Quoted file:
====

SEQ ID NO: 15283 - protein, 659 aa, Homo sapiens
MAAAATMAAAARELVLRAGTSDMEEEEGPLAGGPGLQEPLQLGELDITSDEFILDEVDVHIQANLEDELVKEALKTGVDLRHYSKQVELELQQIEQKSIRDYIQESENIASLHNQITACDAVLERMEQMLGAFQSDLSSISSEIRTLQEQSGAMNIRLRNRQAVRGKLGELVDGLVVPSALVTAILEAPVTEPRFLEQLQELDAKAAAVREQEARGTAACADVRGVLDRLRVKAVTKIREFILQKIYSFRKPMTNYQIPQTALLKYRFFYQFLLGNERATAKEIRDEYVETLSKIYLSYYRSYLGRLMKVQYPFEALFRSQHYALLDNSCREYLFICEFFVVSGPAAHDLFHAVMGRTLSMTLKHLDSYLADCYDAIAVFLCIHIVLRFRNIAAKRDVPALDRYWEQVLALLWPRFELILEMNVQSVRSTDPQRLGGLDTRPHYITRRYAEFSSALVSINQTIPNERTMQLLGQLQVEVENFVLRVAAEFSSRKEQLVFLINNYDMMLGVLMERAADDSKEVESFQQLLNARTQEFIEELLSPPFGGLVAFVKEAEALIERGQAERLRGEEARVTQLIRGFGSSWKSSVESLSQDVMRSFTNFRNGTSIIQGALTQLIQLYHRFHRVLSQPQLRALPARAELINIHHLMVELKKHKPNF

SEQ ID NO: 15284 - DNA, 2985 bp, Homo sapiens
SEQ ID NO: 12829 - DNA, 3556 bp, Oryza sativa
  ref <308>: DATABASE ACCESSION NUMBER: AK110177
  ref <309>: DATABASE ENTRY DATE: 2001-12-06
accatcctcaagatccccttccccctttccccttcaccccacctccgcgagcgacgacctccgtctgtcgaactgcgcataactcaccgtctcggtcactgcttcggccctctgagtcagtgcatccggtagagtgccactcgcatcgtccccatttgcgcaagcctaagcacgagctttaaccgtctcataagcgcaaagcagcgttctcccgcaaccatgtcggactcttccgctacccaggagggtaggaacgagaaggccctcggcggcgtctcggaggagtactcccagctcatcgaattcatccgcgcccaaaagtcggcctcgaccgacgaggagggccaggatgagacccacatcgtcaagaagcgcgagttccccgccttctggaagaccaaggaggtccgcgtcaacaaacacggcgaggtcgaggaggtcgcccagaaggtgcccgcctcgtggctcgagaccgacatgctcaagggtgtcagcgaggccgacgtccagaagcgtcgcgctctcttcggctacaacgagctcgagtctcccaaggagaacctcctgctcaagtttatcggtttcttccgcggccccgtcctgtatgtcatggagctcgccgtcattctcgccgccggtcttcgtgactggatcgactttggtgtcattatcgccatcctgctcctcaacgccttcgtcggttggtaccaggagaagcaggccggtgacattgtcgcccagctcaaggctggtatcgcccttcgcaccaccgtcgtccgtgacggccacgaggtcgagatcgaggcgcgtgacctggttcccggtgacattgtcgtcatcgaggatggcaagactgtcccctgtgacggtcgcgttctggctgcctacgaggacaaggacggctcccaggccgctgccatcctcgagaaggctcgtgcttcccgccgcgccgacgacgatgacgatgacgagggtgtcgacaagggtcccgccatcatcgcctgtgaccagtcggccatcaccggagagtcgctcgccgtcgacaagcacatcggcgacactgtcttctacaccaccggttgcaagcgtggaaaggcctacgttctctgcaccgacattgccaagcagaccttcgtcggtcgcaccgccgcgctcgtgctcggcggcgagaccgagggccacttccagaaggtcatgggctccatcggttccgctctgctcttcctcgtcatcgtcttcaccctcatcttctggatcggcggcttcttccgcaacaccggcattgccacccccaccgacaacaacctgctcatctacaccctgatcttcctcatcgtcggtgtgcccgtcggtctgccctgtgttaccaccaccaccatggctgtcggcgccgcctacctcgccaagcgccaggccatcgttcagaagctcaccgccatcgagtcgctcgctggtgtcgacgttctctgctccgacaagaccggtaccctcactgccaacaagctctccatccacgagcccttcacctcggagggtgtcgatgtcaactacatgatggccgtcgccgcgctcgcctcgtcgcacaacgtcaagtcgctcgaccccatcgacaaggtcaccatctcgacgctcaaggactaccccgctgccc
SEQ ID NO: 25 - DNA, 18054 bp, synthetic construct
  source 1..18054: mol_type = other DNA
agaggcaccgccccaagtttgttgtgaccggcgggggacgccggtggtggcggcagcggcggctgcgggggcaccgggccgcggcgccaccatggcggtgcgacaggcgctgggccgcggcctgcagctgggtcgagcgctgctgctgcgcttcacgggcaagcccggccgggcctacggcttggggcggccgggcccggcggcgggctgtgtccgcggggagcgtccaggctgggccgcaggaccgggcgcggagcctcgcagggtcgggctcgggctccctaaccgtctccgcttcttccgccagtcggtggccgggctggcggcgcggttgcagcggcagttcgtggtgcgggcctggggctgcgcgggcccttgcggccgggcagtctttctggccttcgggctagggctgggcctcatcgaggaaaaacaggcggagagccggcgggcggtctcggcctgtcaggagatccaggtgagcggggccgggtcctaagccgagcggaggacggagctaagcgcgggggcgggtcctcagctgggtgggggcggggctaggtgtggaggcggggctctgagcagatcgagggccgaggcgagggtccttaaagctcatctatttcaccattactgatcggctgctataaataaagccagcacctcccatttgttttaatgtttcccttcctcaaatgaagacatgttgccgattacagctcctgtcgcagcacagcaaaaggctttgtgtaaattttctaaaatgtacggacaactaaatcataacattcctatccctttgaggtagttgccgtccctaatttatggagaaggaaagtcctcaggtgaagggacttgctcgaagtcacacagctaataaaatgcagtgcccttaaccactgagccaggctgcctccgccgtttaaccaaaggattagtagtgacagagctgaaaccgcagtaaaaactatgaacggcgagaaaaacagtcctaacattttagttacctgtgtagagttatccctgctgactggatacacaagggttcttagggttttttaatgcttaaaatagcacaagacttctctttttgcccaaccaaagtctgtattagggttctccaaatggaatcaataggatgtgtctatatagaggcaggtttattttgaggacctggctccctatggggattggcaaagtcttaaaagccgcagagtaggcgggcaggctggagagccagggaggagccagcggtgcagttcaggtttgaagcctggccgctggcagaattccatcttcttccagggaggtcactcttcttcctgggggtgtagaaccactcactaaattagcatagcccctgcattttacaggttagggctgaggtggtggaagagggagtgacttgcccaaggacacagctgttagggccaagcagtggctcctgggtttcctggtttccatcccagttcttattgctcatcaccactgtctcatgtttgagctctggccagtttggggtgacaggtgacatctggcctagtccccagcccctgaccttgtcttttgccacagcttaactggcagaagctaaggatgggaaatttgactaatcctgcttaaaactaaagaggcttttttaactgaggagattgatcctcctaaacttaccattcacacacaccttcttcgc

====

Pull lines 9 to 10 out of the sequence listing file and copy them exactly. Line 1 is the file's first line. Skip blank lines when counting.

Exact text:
  source 1..18054: mol_type = other DNA
agaggcaccgccccaagtttgttgtgaccggcgggggacgccggtggtggcggcagcggcggctgcgggggcaccgggccgcggcgccaccatggcggtgcgacaggcgctgggccgcggcctgcagctgggtcgagcgctgctgctgcgcttcacgggcaagcccggccgggcctacggcttggggcggccgggcccggcggcgggctgtgtccgcggggagcgtccaggctgggccgcaggaccgggcgcggagcctcgcagggtcgggctcgggctccctaaccgtctccgcttcttccgccagtcggtggccgggctggcggcgcggttgcagcggcagttcgtggtgcgggcctggggctgcgcgggcccttgcggccgggcagtctttctggccttcgggctagggctgggcctcatcgaggaaaaacaggcggagagccggcgggcggtctcggcctgtcaggagatccaggtgagcggggccgggtcctaagccgagcggaggacggagctaagcgcgggggcgggtcctcagctgggtgggggcggggctaggtgtggaggcggggctctgagcagatcgagggccgaggcgagggtccttaaagctcatctatttcaccattactgatcggctgctataaataaagccagcacctcccatttgttttaatgtttcccttcctcaaatgaagacatgttgccgattacagctcctgtcgcagcacagcaaaaggctttgtgtaaattttctaaaatgtacggacaactaaatcataacattcctatccctttgaggtagttgccgtccctaatttatggagaaggaaagtcctcaggtgaagggacttgctcgaagtcacacagctaataaaatgcagtgcccttaaccactgagccaggctgcctccgccgtttaaccaaaggattagtagtgacagagctgaaaccgcagtaaaaactatgaacggcgagaaaaacagtcctaacattttagttacctgtgtagagttatccctgctgactggatacacaagggttcttagggttttttaatgcttaaaatagcacaagacttctctttttgcccaaccaaagtctgtattagggttctccaaatggaatcaataggatgtgtctatatagaggcaggtttattttgaggacctggctccctatggggattggcaaagtcttaaaagccgcagagtaggcgggcaggctggagagccagggaggagccagcggtgcagttcaggtttgaagcctggccgctggcagaattccatcttcttccagggaggtcactcttcttcctgggggtgtagaaccactcactaaattagcatagcccctgcattttacaggttagggctgaggtggtggaagagggagtgacttgcccaaggacacagctgttagggccaagcagtggctcctgggtttcctggtttccatcccagttcttattgctcatcaccactgtctcatgtttgagctctggccagtttggggtgacaggtgacatctggcctagtccccagcccctgaccttgtcttttgccacagcttaactggcagaagctaaggatgggaaatttgactaatcctgcttaaaactaaagaggcttttttaactgaggagattgatcctcctaaacttaccattcacacacaccttcttcgc